Why Are Complex Carbs an Important Part of Your Diet?

Close up of healthy cereal
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Complex carbohydrates provide your body with the energy you need to get up, move around, and do all the things you do every day. They include starch, maltose, and cellulose, and they're found in fruits, vegetables, legumes, nuts, seeds, and grains.

The difference between complex carbohydrates and simple carbohydrates is just the size of the molecules. Simple carbohydrates are made up of only one or two sugar units, whereas complex carbs contain at least three sugars. Simple sugars include table sugar, fructose, honey, syrups and so on.

Types of Complex Carbohydrate

All plant-based foods have different forms of complex carbohydrates, mostly some combination of starch and cellulose. Starch is used by plants as a way to store energy. Grains, potatoes, rice, peas, legumes, and corn are high in starch.

Cellulose forms the structures that give plants their shape, and it's the main component of dietary fiber. Vegetables such as green beans, broccoli, and spinach contain less starch, but they have more cellulose. 

Complex Carbohydrate Digestion and Absorption

One reason it's important to eat whole grains, colorful veggies and other high fiber foods are too slow down the absorption of sugars and starches. Starches are digested and absorbed quickly, so starchy foods like white bread and pasta can result in a blood sugar spike, very much like eating something that's high in sugar.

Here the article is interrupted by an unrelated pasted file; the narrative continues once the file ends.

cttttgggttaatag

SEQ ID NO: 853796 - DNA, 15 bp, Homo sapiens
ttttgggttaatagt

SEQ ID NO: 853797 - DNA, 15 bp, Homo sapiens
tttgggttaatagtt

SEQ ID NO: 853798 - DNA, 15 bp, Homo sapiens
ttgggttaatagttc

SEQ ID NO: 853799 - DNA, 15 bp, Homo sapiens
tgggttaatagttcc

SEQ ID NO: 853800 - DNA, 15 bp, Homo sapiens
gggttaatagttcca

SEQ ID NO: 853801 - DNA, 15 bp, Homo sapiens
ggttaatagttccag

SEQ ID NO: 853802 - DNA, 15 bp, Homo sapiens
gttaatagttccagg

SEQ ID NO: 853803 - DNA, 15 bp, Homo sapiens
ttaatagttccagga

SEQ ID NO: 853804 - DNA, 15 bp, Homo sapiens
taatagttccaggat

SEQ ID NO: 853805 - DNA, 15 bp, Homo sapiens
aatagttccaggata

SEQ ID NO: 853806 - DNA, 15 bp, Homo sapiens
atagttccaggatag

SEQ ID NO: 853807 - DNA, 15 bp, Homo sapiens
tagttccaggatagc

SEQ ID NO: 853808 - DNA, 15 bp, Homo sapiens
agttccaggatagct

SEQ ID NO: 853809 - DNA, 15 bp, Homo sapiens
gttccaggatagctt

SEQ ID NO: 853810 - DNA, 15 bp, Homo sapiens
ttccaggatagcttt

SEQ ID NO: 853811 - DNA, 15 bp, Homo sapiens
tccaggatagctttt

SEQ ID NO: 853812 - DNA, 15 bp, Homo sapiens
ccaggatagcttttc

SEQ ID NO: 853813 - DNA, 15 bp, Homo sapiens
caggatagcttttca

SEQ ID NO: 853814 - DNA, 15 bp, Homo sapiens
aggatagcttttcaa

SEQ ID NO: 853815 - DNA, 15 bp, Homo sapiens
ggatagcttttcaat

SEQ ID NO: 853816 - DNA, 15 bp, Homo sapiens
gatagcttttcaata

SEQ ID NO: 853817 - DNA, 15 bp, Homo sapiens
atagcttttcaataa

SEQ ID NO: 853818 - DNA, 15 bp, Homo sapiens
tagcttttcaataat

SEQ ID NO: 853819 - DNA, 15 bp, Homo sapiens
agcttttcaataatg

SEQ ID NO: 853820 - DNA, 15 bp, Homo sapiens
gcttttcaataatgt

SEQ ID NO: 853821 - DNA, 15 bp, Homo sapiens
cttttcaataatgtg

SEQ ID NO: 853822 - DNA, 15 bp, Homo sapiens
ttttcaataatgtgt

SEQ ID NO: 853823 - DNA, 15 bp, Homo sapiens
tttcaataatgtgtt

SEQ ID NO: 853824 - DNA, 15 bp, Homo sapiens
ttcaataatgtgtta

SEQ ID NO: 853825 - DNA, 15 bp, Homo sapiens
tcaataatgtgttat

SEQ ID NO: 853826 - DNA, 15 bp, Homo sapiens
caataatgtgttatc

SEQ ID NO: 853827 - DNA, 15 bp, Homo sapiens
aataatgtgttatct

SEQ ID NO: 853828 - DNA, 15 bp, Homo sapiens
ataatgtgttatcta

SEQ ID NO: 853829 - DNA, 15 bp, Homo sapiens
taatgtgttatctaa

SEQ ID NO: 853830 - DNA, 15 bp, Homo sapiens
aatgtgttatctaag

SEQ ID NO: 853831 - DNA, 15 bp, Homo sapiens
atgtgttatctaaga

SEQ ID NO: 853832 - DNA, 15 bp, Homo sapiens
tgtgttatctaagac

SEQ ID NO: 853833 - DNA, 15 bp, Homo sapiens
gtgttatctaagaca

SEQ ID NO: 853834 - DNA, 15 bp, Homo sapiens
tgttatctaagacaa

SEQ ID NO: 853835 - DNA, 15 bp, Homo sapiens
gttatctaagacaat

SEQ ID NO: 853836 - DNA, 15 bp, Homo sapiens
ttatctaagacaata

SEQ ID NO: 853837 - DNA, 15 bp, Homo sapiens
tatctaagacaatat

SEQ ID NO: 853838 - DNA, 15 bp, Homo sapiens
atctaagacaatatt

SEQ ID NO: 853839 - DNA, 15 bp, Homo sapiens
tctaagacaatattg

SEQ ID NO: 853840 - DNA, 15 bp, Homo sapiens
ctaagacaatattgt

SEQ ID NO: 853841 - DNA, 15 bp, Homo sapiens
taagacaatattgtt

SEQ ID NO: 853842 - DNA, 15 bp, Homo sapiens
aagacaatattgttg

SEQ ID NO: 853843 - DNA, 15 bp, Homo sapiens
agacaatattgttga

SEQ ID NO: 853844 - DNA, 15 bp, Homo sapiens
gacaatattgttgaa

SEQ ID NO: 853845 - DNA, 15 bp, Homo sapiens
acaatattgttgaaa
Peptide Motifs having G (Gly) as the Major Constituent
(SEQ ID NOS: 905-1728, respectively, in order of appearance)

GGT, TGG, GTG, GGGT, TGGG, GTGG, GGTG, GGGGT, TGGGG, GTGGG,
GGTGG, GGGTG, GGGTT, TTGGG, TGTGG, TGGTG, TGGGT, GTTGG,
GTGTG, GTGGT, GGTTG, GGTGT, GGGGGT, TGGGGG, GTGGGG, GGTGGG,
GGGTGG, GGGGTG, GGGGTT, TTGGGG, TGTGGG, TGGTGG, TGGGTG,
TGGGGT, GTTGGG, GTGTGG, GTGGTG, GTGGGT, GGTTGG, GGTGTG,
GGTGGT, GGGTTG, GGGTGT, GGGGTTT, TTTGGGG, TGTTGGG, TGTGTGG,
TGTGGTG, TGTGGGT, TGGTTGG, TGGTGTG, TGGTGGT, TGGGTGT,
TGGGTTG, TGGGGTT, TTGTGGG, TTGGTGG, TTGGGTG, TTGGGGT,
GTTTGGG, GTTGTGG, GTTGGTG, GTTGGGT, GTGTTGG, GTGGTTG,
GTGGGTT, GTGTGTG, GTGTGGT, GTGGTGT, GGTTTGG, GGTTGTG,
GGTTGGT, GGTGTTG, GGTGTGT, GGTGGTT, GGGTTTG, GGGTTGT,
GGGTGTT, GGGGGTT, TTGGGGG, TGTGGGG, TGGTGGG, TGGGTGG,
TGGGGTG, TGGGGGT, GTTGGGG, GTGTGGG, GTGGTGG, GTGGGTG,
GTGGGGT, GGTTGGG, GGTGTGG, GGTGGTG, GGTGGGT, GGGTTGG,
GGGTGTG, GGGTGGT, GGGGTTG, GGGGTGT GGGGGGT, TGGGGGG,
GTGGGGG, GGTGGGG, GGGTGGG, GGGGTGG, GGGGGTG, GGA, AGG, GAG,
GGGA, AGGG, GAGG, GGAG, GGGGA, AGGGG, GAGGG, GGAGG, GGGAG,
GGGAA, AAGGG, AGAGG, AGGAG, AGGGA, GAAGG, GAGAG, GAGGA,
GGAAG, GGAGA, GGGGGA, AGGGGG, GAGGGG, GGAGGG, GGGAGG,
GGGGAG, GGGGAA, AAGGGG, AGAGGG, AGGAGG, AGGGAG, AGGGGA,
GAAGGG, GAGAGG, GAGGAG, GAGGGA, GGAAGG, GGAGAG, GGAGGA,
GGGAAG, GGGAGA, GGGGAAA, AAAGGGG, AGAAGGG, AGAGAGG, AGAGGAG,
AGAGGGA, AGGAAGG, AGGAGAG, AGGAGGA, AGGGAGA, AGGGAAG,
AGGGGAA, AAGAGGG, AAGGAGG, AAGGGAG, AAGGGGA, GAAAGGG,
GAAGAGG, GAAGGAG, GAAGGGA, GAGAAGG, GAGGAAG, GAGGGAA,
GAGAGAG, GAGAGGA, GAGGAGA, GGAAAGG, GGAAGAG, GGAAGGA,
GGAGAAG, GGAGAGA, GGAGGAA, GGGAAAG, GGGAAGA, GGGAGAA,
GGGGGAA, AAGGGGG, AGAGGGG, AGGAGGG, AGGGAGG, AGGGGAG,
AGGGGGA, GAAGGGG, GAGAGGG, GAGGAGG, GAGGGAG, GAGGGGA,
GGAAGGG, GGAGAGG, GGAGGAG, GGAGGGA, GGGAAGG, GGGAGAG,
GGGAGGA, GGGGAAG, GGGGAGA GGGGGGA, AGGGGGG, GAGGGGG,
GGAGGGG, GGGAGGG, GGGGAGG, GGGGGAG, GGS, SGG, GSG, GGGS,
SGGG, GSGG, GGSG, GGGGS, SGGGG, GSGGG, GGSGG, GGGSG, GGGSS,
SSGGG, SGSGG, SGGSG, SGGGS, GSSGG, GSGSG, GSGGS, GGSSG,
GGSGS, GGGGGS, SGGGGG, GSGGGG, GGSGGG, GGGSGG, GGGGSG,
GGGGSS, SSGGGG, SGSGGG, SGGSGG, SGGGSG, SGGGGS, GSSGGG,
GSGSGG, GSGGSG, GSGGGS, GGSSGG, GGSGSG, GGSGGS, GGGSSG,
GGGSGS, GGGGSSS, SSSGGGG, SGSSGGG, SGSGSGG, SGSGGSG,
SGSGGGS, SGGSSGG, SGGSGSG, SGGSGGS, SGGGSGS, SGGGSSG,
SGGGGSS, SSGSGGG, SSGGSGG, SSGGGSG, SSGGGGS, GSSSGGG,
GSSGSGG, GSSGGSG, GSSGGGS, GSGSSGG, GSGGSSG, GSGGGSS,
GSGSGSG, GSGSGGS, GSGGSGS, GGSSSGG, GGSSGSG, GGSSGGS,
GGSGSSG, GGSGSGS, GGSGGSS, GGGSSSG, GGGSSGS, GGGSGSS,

But, your digestive system can't break cellulose apart, which is a good thing because having that non-digestible fiber in your digestive tract slows things down, so the starches don't cause such a big blood sugar spike.

How Much Complex Carbohydrate Do You Need?

Generally speaking, complex carbohydrates should supply about half the calories in your diet. Adults need from 25 to 38 grams of fiber every day. You can accomplish both by eating a diet rich in colorful veggies, whole grains, and an assortment of nuts and seeds. 

When planning a meal, think about how the food will be arranged on your plate. Mentally divide the plate into four quarters. Half of the plate should be filled with green or colorful vegetables or fruits and one-fourth of your plate can hold something starchier, such as bread, rice, potatoes or pasta.

The last quarter is home to your primary protein source—it can be from animal sources such as meat, poultry, or fish, or you can choose a vegetarian protein source such as legumes or lentils. The plate method should give you the right amounts of carbs, plus keep your proteins and fats in balance.

A balanced meal with plenty of fiber and healthy carbs could be a generous serving of Swiss chard, one scoop of mashed potatoes, and a piece of grilled salmon that's about the size of the palm of your hand. Or if you prefer to go vegetarian, swap out the fish for some stir-fried tofu.

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Article Sources
  • MyPlate. United States Department of Agriculture. https://www.choosemyplate.gov/MyPlate.
  • Gropper SS, Smith JL, Groff JL. Advanced Nutrition and Human Metabolism Sixth Edition. Belmont, CA. Wadsworth Publishing Company, 2013.
  • Dietary Guidelines for Americans 2015-2020. Office of Disease Prevention and Health Promotion, U.S. Department of Health and Human Services. https://health.gov/dietaryguidelines/2015/guidelines/.